Charles W. Follis (1879-1910) was the first Black professional football player in the U.S. We spotted him in the archives and learned about his tragically short life.
Born in Cloverdale, Virginia, Follis was raised by his parents, James and Catherine Follis. In 1880, at age 1, he lived with his parents and 3 older brothers.
The Follis family later moved to Wooster, Ohio, where Charles attended Wooster High School. As a student, he helped establish the school’s varsity football team. In the team’s first year, he was the captain and they had no losses.
On June 4, 1898, the Cleveland Leader reported on Wooster’s annual field day, which welcomed both University and high school students to compete. The paper explained, “[t]he athletic team from the city high school contested with the collegians, and to the shame of the institution which once stood high in field contests, won the greater of the events.” Follis appears to have won most of the events, even breaking the school’s vault record at the time.
In 1900, at age 21, Follis continued to live with his family in Wooster, OH. Surrounded by white neighbors, they lived at 250 Spink St.
Although Follis enrolled in the College of Wooster in 1901, he did not play for the school’s football team. Instead, he played for the town’s amateur football team – the Wooster Athletic Association, where he earned the nickname of the “Black Cyclone from Wooster.”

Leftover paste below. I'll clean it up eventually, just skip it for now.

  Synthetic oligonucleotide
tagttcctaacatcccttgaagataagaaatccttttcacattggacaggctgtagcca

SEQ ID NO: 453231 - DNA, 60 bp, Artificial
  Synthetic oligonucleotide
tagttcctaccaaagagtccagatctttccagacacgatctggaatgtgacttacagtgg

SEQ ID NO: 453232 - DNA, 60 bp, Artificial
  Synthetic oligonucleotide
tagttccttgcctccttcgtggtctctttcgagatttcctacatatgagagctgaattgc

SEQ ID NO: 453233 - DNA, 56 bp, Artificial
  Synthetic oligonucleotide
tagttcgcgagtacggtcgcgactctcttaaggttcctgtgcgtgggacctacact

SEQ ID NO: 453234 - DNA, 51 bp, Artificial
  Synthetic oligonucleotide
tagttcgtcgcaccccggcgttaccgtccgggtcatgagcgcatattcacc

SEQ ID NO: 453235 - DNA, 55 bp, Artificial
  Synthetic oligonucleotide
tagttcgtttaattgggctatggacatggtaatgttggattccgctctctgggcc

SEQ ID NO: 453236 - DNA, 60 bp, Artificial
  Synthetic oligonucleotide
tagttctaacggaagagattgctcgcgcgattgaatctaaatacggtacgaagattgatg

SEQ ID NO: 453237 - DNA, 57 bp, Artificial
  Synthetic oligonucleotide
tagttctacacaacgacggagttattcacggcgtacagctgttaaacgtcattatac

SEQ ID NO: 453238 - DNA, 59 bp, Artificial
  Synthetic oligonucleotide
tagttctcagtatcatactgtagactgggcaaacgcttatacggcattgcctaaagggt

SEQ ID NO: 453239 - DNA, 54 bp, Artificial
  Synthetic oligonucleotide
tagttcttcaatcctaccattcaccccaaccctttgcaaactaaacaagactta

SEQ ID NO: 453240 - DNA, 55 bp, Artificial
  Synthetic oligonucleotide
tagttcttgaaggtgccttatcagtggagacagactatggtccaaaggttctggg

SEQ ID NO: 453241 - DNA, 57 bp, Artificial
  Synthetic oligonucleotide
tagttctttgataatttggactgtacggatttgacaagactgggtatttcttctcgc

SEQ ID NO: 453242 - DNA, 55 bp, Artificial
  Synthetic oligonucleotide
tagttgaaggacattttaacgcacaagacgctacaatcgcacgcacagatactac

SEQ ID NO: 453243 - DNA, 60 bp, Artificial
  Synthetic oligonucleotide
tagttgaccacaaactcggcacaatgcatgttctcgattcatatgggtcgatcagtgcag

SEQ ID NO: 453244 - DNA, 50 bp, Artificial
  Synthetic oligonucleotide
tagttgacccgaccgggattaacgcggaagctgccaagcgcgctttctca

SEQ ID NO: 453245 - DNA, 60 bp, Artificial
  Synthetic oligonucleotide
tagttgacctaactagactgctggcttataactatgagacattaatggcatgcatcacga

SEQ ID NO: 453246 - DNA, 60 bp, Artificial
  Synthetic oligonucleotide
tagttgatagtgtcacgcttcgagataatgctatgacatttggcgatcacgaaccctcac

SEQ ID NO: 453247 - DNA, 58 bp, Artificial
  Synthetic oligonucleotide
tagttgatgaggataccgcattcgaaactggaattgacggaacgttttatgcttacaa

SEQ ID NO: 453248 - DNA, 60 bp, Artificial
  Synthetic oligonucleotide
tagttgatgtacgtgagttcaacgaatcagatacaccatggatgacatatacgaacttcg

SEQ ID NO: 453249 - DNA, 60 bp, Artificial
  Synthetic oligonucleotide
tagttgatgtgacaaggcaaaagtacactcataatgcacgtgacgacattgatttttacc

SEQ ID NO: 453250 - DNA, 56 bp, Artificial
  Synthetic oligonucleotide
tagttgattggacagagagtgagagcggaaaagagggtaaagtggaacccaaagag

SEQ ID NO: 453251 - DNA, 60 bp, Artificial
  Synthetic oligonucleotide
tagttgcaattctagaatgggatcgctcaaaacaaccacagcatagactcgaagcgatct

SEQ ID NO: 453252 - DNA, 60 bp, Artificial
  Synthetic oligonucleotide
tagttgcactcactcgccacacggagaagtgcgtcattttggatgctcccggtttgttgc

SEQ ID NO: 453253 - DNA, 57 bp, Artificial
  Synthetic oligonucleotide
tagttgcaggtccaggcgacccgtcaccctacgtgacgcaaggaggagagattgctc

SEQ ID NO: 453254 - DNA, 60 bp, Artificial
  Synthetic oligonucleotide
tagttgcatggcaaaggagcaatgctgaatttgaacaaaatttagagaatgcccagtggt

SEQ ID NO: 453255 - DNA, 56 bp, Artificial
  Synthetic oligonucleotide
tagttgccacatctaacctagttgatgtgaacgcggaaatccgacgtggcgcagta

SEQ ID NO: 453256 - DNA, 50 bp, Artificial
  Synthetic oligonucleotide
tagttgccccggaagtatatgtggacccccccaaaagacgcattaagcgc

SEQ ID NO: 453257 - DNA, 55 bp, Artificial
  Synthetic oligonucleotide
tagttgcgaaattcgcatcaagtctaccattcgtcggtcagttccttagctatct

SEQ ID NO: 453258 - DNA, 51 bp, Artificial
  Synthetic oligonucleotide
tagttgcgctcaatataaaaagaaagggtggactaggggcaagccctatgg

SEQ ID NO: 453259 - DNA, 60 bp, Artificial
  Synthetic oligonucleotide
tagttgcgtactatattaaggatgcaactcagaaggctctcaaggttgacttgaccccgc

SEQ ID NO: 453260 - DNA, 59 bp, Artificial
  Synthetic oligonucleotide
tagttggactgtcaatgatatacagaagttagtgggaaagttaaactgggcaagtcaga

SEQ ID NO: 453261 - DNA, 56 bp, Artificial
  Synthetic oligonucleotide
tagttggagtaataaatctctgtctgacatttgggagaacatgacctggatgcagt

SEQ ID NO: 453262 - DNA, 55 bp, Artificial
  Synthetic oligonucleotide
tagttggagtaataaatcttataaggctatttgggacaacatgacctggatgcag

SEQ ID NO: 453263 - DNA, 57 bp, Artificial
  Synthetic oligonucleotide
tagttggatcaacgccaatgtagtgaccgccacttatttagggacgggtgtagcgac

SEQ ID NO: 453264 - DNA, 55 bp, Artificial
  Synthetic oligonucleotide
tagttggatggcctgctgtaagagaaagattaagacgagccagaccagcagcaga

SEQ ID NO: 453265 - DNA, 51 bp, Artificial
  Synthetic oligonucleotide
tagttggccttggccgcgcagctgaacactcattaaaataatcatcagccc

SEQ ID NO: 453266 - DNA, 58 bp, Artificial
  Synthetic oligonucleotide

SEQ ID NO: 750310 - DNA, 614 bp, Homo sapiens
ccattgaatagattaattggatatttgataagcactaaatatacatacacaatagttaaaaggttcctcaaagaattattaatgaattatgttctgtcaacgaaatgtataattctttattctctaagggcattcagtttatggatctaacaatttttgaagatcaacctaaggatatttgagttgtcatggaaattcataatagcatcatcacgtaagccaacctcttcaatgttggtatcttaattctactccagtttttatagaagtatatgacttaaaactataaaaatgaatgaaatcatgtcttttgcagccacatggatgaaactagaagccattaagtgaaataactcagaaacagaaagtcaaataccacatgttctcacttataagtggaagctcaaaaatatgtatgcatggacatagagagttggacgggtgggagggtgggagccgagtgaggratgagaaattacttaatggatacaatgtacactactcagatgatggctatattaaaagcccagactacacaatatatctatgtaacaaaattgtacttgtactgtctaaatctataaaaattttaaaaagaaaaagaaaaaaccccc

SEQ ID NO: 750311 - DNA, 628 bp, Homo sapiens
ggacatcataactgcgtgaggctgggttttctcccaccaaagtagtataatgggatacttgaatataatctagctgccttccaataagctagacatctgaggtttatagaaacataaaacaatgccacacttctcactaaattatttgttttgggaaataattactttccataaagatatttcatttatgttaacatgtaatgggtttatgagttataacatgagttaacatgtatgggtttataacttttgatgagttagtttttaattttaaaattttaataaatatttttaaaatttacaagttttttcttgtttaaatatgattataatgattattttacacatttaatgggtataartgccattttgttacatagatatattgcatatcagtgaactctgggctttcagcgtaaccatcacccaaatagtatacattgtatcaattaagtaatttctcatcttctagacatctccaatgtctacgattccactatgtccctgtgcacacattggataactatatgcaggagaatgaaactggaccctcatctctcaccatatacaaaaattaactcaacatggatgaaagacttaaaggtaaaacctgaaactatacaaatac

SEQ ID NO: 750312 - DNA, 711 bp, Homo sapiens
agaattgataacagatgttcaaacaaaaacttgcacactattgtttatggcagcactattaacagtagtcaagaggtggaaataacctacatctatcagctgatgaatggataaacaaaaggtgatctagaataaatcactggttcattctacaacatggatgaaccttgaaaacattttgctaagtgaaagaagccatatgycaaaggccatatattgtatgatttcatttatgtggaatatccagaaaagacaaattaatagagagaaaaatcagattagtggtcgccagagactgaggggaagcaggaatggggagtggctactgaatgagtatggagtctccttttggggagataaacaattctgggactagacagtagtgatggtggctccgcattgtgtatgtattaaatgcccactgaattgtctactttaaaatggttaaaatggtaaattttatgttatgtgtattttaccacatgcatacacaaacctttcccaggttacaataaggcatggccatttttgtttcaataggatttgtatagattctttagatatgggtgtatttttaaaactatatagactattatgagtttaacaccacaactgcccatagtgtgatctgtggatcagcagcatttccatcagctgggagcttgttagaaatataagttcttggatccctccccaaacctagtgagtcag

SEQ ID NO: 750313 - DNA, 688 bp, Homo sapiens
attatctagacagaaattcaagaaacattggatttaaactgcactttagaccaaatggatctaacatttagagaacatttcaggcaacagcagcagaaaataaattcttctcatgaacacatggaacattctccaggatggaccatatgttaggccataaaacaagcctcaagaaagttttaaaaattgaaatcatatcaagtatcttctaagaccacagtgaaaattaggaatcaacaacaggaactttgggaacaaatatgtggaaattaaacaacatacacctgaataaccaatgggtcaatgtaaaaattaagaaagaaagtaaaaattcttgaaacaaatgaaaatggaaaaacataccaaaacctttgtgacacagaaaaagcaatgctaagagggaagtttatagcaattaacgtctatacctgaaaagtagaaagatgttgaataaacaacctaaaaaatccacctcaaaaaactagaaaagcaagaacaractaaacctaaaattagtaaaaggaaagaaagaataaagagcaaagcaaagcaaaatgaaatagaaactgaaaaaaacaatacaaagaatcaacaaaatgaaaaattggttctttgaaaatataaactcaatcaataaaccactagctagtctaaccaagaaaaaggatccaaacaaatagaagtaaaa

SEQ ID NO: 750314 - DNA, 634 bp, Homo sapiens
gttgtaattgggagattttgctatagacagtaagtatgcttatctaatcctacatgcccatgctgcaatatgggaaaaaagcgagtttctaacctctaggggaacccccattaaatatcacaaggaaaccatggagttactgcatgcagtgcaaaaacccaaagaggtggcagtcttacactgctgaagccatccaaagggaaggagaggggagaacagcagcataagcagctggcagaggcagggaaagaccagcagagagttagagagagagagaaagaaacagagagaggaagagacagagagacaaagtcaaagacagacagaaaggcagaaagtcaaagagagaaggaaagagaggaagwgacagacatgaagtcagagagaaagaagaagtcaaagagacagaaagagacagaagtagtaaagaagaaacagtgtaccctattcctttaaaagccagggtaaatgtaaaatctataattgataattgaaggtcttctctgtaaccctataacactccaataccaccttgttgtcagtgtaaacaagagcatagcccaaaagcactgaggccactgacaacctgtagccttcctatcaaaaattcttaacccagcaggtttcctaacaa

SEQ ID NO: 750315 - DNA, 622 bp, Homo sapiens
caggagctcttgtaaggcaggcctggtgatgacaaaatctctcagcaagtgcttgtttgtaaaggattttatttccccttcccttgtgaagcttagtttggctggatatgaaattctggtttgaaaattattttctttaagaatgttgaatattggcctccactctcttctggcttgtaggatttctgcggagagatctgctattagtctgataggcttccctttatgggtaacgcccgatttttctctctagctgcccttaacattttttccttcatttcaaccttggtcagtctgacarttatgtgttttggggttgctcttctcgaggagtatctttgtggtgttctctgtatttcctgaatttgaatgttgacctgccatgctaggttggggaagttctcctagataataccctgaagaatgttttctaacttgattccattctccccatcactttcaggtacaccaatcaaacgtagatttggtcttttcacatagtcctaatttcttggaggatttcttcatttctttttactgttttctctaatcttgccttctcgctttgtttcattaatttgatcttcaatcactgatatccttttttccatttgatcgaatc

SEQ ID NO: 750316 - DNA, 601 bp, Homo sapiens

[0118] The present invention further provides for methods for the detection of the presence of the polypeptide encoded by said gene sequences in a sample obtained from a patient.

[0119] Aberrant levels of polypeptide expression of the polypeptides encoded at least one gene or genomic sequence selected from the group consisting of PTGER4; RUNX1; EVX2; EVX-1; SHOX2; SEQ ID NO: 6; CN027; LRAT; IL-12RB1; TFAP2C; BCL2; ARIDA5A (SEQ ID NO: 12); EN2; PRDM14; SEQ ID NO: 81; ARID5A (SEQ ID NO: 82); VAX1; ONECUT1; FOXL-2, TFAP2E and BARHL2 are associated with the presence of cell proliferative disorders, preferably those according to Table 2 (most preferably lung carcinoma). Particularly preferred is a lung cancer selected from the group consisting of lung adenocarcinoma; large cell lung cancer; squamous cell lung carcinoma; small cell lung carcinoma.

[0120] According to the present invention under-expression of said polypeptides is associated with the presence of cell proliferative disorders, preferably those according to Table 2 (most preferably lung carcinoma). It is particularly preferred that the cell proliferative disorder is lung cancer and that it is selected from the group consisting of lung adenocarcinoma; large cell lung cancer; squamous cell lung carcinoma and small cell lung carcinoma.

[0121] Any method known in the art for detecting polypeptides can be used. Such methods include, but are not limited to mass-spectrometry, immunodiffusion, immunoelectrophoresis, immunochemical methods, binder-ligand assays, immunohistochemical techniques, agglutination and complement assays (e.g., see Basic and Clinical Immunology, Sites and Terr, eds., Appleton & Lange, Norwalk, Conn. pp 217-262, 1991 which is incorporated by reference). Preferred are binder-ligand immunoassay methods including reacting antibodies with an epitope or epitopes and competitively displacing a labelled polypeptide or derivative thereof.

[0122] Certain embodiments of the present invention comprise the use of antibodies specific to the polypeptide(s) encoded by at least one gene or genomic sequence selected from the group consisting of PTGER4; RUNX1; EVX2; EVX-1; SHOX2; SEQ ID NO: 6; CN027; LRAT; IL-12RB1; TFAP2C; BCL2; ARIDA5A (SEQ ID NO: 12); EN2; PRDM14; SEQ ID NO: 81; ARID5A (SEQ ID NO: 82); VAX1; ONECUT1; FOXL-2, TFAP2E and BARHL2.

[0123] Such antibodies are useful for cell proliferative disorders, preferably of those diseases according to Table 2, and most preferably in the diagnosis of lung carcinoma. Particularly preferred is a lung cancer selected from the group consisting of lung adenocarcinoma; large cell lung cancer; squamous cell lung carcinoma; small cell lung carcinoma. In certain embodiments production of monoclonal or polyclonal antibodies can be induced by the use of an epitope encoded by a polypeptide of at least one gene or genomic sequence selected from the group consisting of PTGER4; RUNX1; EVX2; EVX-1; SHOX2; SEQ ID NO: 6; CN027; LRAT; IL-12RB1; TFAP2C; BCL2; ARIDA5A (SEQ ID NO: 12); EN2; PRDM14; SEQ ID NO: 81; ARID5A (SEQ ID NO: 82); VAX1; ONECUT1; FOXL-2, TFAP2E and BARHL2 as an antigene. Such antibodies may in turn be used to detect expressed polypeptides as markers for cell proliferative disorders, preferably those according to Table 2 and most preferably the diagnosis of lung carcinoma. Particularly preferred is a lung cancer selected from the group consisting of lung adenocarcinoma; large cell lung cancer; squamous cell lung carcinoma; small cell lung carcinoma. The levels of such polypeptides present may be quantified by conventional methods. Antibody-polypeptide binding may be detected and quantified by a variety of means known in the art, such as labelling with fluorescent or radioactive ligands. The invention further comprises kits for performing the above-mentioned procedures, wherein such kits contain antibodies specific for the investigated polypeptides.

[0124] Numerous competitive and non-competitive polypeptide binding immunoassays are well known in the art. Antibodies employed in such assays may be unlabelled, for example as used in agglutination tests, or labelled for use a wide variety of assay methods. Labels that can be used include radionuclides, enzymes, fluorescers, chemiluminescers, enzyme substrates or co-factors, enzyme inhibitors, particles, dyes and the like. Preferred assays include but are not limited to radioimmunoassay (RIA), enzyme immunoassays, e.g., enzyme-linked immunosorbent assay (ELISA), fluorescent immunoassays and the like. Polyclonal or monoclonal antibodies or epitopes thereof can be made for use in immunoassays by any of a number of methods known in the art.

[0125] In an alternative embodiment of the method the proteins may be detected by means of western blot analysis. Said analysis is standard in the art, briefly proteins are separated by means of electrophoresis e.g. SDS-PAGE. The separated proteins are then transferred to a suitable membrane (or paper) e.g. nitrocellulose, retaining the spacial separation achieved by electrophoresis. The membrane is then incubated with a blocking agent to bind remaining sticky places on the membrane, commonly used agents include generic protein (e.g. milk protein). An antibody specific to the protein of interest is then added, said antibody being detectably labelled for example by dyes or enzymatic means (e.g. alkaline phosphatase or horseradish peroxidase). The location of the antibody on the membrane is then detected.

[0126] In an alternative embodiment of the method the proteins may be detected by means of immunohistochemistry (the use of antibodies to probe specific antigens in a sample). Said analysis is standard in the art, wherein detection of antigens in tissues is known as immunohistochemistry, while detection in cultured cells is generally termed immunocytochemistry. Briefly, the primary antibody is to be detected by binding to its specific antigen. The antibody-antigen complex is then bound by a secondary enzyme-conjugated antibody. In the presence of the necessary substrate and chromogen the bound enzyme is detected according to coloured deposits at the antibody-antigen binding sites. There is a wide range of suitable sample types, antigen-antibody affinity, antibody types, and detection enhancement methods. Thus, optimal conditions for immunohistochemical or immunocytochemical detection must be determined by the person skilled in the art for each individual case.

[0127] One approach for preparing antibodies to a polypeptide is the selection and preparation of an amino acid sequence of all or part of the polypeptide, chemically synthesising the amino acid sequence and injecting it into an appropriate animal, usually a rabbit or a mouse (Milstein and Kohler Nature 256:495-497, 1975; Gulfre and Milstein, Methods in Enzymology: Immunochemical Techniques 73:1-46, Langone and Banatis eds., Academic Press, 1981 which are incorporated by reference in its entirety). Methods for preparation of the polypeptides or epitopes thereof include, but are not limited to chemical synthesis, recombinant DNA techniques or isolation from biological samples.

He went on to play in Shelby, Ohio. Signing a contract with the Shelby Blues in 1904, he was the first Black man to break the barrier of professional football. He faced racism and discrimination for 2 years on and off the field, until he suffered a career-ending injury in 1906.
Following his injury, Follis transitioned to playing baseball in the still-segregated baseball leagues. While he was a catcher for the Cuban Giants, he caught pneumonia. He died in Cleveland on April 5, 1910, at the age of 31.
For more about Charles W. Follis:
U.S. Census records courtesy of Ancestry.com
Newspaper articles courtesy of Genealogybank.com